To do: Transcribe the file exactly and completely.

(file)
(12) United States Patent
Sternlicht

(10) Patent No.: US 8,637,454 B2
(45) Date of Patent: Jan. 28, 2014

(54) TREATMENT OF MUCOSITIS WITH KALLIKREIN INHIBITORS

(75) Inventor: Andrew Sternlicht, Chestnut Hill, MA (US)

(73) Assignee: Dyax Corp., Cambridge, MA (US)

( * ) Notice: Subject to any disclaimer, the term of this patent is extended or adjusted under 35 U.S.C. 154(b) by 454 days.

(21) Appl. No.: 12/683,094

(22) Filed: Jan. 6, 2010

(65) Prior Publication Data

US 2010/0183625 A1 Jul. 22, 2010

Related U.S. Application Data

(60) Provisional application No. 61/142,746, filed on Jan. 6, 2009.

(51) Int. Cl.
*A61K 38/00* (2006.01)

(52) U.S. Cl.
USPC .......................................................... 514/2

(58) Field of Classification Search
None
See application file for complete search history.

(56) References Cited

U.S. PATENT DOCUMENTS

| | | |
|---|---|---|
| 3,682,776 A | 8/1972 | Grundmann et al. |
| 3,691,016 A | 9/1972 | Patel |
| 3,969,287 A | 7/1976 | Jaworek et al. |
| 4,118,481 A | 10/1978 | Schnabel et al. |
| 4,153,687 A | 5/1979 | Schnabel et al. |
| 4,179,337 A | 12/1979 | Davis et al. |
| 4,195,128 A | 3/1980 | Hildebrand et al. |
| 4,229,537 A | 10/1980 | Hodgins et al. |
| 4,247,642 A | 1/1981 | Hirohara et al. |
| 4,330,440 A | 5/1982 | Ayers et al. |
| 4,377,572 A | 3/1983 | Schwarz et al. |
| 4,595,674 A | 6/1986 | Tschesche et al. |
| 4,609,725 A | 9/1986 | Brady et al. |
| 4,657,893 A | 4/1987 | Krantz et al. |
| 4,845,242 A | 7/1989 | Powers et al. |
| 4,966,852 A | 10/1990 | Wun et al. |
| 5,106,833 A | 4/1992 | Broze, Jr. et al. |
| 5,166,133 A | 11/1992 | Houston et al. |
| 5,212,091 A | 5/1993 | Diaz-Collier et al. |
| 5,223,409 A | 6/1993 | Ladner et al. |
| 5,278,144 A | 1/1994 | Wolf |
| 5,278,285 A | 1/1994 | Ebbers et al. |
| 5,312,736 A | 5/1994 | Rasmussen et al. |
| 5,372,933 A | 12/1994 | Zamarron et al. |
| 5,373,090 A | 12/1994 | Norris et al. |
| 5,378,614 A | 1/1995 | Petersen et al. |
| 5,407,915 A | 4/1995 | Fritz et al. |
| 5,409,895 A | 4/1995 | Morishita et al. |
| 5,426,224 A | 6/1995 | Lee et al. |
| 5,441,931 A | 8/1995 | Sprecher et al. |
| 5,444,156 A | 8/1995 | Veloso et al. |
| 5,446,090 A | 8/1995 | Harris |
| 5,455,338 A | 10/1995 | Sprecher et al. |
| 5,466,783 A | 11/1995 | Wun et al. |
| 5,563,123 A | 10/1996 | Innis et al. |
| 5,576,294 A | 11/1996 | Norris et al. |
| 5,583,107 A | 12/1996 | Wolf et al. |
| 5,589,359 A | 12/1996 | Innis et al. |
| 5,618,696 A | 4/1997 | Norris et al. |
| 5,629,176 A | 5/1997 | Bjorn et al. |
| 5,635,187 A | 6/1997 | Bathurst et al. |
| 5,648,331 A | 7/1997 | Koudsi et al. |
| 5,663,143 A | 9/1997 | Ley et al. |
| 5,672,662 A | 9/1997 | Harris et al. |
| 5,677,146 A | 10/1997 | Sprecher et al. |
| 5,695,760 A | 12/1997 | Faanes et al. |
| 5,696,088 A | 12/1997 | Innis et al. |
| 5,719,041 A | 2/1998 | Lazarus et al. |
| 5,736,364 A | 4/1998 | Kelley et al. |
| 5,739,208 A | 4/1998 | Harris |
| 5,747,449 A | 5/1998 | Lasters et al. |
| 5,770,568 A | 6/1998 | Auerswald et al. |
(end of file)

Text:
(12) United States Patent
Sternlicht

(10) Patent No.: US 8,637,454 B2
(45) Date of Patent: Jan. 28, 2014

(54) TREATMENT OF MUCOSITIS WITH KALLIKREIN INHIBITORS

(75) Inventor: Andrew Sternlicht, Chestnut Hill, MA (US)

(73) Assignee: Dyax Corp., Cambridge, MA (US)

( * ) Notice: Subject to any disclaimer, the term of this patent is extended or adjusted under 35 U.S.C. 154(b) by 454 days.

(21) Appl. No.: 12/683,094

(22) Filed: Jan. 6, 2010

(65) Prior Publication Data

US 2010/0183625 A1 Jul. 22, 2010

Related U.S. Application Data

(60) Provisional application No. 61/142,746, filed on Jan. 6, 2009.

(51) Int. Cl.
*A61K 38/00* (2006.01)

(52) U.S. Cl.
USPC .......................................................... 514/2

(58) Field of Classification Search
None
See application file for complete search history.

(56) References Cited

U.S. PATENT DOCUMENTS

| | | |
|---|---|---|
| 3,682,776 A | 8/1972 | Grundmann et al. |
| 3,691,016 A | 9/1972 | Patel |
| 3,969,287 A | 7/1976 | Jaworek et al. |
| 4,118,481 A | 10/1978 | Schnabel et al. |
| 4,153,687 A | 5/1979 | Schnabel et al. |
| 4,179,337 A | 12/1979 | Davis et al. |
| 4,195,128 A | 3/1980 | Hildebrand et al. |
| 4,229,537 A | 10/1980 | Hodgins et al. |
| 4,247,642 A | 1/1981 | Hirohara et al. |
| 4,330,440 A | 5/1982 | Ayers et al. |
| 4,377,572 A | 3/1983 | Schwarz et al. |
| 4,595,674 A | 6/1986 | Tschesche et al. |
| 4,609,725 A | 9/1986 | Brady et al. |
| 4,657,893 A | 4/1987 | Krantz et al. |
| 4,845,242 A | 7/1989 | Powers et al. |
| 4,966,852 A | 10/1990 | Wun et al. |
| 5,106,833 A | 4/1992 | Broze, Jr. et al. |
| 5,166,133 A | 11/1992 | Houston et al. |
| 5,212,091 A | 5/1993 | Diaz-Collier et al. |
| 5,223,409 A | 6/1993 | Ladner et al. |
| 5,278,144 A | 1/1994 | Wolf |
| 5,278,285 A | 1/1994 | Ebbers et al. |
| 5,312,736 A | 5/1994 | Rasmussen et al. |
| 5,372,933 A | 12/1994 | Zamarron et al. |
| 5,373,090 A | 12/1994 | Norris et al. |
| 5,378,614 A | 1/1995 | Petersen et al. |
| 5,407,915 A | 4/1995 | Fritz et al. |
| 5,409,895 A | 4/1995 | Morishita et al. |
| 5,426,224 A | 6/1995 | Lee et al. |
| 5,441,931 A | 8/1995 | Sprecher et al. |
| 5,444,156 A | 8/1995 | Veloso et al. |
| 5,446,090 A | 8/1995 | Harris |
| 5,455,338 A | 10/1995 | Sprecher et al. |
| 5,466,783 A | 11/1995 | Wun et al. |
| 5,563,123 A | 10/1996 | Innis et al. |
| 5,576,294 A | 11/1996 | Norris et al. |
| 5,583,107 A | 12/1996 | Wolf et al. |
| 5,589,359 A | 12/1996 | Innis et al. |
| 5,618,696 A | 4/1997 | Norris et al. |
| 5,629,176 A | 5/1997 | Bjorn et al. |
| 5,635,187 A | 6/1997 | Bathurst et al. |
| 5,648,331 A | 7/1997 | Koudsi et al. |
| 5,663,143 A | 9/1997 | Ley et al. |
| 5,672,662 A | 9/1997 | Harris et al. |
| 5,677,146 A | 10/1997 | Sprecher et al. |
| 5,695,760 A | 12/1997 | Faanes et al. |
| 5,696,088 A | 12/1997 | Innis et al. |
| 5,719,041 A | 2/1998 | Lazarus et al. |
| 5,736,364 A | 4/1998 | Kelley et al. |
| 5,739,208 A | 4/1998 | Harris |
| 5,747,449 A | 5/1998 | Lasters et al. |
| 5,770,568 A | 6/1998 | Auerswald et al. |